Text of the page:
I have already indicated that I am now in full agreement with the assertion that the experience in the growth of demand for power in the years up to 1954 would be too optimistic a basis upon which to plan development in the future. I am equally convinced that the experience of 1956, when the increase in the demand was only 4.7 per cent., is far too pessimistic a basis upon which to plan for the future. Indeed, if we cannot get a rate of industrial progress which does not require or bring about an increase in the demand for current at a greater rate than that, I think our efforts must be regarded as a failure.
However, it is not too soon, apart from any estimates we may make now as to the course of events in the next few years, to sketch out the tentative plan for the five-year period from 1960 onwards. It takes a long time from the decision to build a new power station in any locality to the erection of the station. If the plan for the period 1960 to 1965 is to be properly prepared, then it is now that we should be trying to estimate requirements in that period and deciding the manner in which these requirements will be met.
In the case of the rural electrification scheme, the position, as the House knows, is that last year a decision was taken to taper off the rate of activity in rural electrification development. Of course, this decision involved the cancellation of contracts with firms supplying materials and other changes of that kind, including changes in the staff of the E.S.B.
Such a decision cannot be easily reversed, nor do I think it is desirable to reverse it as far as the firms supplying materials are concerned. They have devoted part of their plants to other activities and I do not think it is desirable to ask them to go back again— even if they were willing to do so and I doubt if they would—because in any event the completion of the rural electrification programme will take place within four years. There are 240 areas yet to be connected up with the network and, at the rate of 60 areas per year, that task will be finished by 1961.
Of course, it is to be recognised that the financial problems associated with rural electrification have become very acute following the decision to withdraw the subsidy for it. The E.S.B. lost £500,000 last year on the rural electrification scheme, and they are standing to increase that loss at the rate of £20,000 per year for each additional area connected. For that reason, it is to be understood that enthusiasm for the completion of the rural electrification scheme is not very pronounced amongst the people responsible for the financial management of the E.S.B.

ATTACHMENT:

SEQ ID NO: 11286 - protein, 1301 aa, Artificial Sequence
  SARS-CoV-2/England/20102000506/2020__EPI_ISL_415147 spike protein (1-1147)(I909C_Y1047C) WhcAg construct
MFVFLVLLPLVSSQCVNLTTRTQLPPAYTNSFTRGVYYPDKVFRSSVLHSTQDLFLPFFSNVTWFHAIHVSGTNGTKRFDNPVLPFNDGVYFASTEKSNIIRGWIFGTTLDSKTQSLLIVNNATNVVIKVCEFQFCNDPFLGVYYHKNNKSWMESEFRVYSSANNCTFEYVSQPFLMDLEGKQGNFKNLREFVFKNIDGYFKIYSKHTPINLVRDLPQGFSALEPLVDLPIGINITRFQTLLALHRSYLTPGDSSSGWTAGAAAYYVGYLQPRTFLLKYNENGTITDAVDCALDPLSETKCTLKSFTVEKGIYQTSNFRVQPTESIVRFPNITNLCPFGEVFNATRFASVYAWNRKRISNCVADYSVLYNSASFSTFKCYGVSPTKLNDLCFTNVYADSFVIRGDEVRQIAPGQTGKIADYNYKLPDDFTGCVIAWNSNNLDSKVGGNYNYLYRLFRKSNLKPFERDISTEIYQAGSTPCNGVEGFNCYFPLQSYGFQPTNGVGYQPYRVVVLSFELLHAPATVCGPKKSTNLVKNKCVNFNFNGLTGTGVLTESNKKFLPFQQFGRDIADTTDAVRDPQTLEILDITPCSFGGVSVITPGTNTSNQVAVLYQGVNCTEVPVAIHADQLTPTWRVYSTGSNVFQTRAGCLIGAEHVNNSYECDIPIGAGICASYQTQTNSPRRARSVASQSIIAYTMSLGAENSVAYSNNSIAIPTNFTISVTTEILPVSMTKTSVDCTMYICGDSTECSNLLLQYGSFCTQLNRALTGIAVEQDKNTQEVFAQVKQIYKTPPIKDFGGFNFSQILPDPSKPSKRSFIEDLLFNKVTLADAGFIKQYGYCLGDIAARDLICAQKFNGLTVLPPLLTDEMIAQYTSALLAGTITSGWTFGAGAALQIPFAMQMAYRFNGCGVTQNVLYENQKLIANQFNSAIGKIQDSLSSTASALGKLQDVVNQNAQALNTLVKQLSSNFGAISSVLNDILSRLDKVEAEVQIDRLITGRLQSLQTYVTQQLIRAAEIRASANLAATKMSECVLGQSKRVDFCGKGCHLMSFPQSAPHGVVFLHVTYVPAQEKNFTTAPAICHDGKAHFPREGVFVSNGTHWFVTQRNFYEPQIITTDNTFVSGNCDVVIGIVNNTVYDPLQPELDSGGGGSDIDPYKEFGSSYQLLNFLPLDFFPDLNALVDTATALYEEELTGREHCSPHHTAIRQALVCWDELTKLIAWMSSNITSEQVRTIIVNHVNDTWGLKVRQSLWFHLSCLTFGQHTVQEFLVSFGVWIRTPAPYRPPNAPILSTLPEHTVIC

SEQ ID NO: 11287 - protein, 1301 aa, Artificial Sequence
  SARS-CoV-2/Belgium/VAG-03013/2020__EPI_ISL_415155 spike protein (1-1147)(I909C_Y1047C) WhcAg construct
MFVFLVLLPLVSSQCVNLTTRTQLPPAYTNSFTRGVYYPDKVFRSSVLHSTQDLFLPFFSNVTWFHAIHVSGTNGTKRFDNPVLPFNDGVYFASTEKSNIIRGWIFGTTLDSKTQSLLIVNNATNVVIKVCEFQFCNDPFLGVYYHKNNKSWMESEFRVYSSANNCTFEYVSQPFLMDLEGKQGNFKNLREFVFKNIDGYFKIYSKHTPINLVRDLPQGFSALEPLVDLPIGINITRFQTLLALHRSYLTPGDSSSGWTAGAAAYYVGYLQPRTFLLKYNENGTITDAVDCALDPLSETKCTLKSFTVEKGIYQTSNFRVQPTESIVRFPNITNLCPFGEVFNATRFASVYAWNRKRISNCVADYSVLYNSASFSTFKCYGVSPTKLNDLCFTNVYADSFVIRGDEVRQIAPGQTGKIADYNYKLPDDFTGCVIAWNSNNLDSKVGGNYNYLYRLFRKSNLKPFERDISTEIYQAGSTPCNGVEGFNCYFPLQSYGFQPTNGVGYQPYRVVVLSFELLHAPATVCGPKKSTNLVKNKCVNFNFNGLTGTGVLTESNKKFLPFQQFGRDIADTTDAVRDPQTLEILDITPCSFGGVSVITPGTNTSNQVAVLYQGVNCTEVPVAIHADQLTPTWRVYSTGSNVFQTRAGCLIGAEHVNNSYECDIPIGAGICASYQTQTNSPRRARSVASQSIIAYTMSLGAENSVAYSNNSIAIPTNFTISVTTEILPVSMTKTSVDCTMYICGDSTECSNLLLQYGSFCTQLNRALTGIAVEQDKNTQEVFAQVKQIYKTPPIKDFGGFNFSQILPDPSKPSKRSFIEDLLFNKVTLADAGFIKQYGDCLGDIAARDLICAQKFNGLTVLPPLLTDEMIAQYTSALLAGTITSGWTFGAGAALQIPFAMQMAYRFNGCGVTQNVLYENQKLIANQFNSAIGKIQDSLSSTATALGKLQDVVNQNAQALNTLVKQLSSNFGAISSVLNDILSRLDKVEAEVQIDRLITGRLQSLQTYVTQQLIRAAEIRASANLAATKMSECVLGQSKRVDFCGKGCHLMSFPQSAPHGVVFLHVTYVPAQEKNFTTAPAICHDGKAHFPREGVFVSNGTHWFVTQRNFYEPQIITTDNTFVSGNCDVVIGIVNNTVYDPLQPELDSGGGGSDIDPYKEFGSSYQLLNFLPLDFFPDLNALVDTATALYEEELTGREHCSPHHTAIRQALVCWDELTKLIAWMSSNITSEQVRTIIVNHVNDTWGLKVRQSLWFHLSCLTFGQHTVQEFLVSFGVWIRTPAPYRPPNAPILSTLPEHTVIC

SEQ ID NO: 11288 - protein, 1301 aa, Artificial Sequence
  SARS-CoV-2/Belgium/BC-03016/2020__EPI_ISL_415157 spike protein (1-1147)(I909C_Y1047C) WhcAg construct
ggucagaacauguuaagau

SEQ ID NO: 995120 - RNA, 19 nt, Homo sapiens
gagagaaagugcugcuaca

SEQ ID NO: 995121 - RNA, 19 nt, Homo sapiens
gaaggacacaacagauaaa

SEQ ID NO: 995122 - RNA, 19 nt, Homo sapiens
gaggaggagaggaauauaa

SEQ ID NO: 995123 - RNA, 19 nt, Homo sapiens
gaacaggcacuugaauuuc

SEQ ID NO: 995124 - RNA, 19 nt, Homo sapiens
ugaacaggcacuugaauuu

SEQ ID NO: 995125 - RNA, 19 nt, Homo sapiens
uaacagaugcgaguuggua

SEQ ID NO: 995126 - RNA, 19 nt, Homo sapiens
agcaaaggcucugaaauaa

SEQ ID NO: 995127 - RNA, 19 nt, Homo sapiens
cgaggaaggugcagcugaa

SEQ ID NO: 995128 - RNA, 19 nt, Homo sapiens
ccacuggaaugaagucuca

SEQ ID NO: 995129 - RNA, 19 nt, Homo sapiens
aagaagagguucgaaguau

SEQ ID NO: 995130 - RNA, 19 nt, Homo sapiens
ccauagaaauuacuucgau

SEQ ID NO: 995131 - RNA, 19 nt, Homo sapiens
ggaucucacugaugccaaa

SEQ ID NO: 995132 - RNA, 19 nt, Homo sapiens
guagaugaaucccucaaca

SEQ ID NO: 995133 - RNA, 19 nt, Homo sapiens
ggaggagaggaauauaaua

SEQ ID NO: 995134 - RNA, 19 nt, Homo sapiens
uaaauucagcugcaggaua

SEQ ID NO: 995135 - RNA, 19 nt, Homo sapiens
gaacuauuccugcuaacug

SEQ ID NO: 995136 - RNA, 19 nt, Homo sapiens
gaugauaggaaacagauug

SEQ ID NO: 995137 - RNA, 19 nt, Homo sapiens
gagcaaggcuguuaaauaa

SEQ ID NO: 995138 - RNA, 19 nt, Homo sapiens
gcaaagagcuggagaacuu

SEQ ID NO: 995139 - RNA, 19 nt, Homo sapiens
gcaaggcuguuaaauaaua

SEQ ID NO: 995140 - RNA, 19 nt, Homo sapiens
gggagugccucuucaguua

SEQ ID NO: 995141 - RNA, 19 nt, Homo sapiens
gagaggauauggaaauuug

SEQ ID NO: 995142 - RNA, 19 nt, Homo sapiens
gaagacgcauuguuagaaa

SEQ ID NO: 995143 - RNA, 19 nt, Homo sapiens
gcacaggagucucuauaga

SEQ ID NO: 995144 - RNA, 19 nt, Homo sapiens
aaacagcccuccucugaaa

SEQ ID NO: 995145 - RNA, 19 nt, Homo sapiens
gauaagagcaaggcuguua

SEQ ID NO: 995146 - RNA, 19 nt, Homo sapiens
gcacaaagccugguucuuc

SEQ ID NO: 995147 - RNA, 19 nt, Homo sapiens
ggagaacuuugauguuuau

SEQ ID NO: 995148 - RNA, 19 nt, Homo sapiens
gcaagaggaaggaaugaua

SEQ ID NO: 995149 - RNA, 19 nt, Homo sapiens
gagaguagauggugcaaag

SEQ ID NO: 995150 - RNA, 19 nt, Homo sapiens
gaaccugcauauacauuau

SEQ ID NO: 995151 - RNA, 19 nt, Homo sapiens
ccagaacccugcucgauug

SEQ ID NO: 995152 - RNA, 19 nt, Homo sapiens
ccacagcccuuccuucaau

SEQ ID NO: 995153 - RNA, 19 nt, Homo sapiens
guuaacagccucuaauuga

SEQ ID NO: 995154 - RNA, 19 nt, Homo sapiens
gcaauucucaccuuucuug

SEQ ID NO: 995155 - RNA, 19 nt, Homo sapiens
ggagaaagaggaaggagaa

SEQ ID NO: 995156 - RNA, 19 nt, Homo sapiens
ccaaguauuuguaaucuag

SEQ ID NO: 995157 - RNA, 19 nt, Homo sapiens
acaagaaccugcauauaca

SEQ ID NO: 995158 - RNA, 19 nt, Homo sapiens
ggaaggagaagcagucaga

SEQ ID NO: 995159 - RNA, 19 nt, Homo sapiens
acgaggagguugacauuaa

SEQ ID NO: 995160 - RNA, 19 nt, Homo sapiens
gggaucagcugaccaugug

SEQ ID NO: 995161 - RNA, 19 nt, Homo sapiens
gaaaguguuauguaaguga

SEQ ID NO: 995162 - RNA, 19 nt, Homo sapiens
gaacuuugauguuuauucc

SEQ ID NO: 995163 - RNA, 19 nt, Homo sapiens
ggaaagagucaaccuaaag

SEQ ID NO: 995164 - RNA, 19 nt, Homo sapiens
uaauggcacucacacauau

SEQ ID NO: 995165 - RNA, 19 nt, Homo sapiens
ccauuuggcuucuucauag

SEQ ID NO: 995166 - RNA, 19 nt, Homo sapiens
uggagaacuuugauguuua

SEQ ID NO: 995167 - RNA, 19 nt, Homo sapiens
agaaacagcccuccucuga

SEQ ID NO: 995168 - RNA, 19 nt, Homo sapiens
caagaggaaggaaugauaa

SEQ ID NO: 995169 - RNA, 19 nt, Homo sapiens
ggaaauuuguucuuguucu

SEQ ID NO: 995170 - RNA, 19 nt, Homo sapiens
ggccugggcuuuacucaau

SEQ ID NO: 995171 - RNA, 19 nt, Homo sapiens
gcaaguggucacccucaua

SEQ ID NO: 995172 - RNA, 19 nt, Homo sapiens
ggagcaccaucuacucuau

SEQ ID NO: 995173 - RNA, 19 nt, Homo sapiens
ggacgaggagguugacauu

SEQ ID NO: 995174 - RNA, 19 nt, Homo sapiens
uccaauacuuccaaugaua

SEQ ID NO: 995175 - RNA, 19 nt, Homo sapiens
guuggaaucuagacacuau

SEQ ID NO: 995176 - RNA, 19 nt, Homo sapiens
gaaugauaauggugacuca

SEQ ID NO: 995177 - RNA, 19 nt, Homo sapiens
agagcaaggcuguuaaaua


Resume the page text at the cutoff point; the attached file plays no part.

It is also to be recognised that the board selected areas for development upon the basis of picking the most economical areas first, and we are now at the final stage of development when the least economical areas are coming up for selection. However, I hope that there will be no difficulty and I am sure there will be no unwillingness on the part of the board to accept the decision to maintain a rate of development which will complete the scheme by 1961.
The development of Bord na Móna must inevitably march with that of the E.S.B., at any rate, so far as the production of turf fuel is concerned. Last year saw a rather historic occasion when for the first time milled peat was used as fuel in an Irish power station for the generation of electricity. The very satisfactory reports submitted were a source of very great gratification to me because there was a long struggle before the possibilities of milled peat were generally accepted. I am glad to be able to say that Bord na Móna have informed me that all the technical problems associated with the production of milled peat for power stations are solved and that, as a result, milled peat is being delivered to power stations at a price which represents far lower fuel costs than are involved with any other type of fuel.
Indeed, it probably would be correct to say that in these milled peat stations the E.S.B. are having delivered to them cheaper fuel than is being delivered to any other power station in Europe. I have not carried out any detailed investigation to establish that, but the indications are that it must be so. Therefore, there is a very strong financial reason why the future development of power stations should be based to the maximum extent upon the utilisation of milled peat.
May I say also that the price which is being charged for milled peat by Bord na Móna to the E.S.B. yields a very nice profit to Bord na Móna? Now that we can feel that the skill of Bord na Móna engineers has solved all the technical problems associated with that stage of national development, we can regard it as completely outside the range of any possible controversy. Of course, this year has been an exceptionally good year for the production of peat fuel. Indeed it is clear that the output of Bord na Móna in the various bogs supplying power stations is likely to be in excess of the requirements of the E.S.B. That is not a very grave problem, but it has brought Bord na Móna to the point where they are considering extending the market for sod peat by propaganda among industrial and other users of fuel. At my request, the Minister for Health has reiterated to health authorities throughout the country his appeal to utilise peat fuel for their boilers and other operations to the maximum extent possible.
It might have been possible some time ago to argue that there would be some saving in cost in switching over to fuel oil. That is no longer true and I believe that every industrial firm which is located within a reasonable distance of a source of supply of sod peat, and every local authority similarly situated, can effect quite a saving in costs by going back to the utilisation of peat instead of oil. By doing so they will be contributing to the wealth of the country in two ways— utilising an entirely home produced product and avoiding the importation of an entirely foreign product.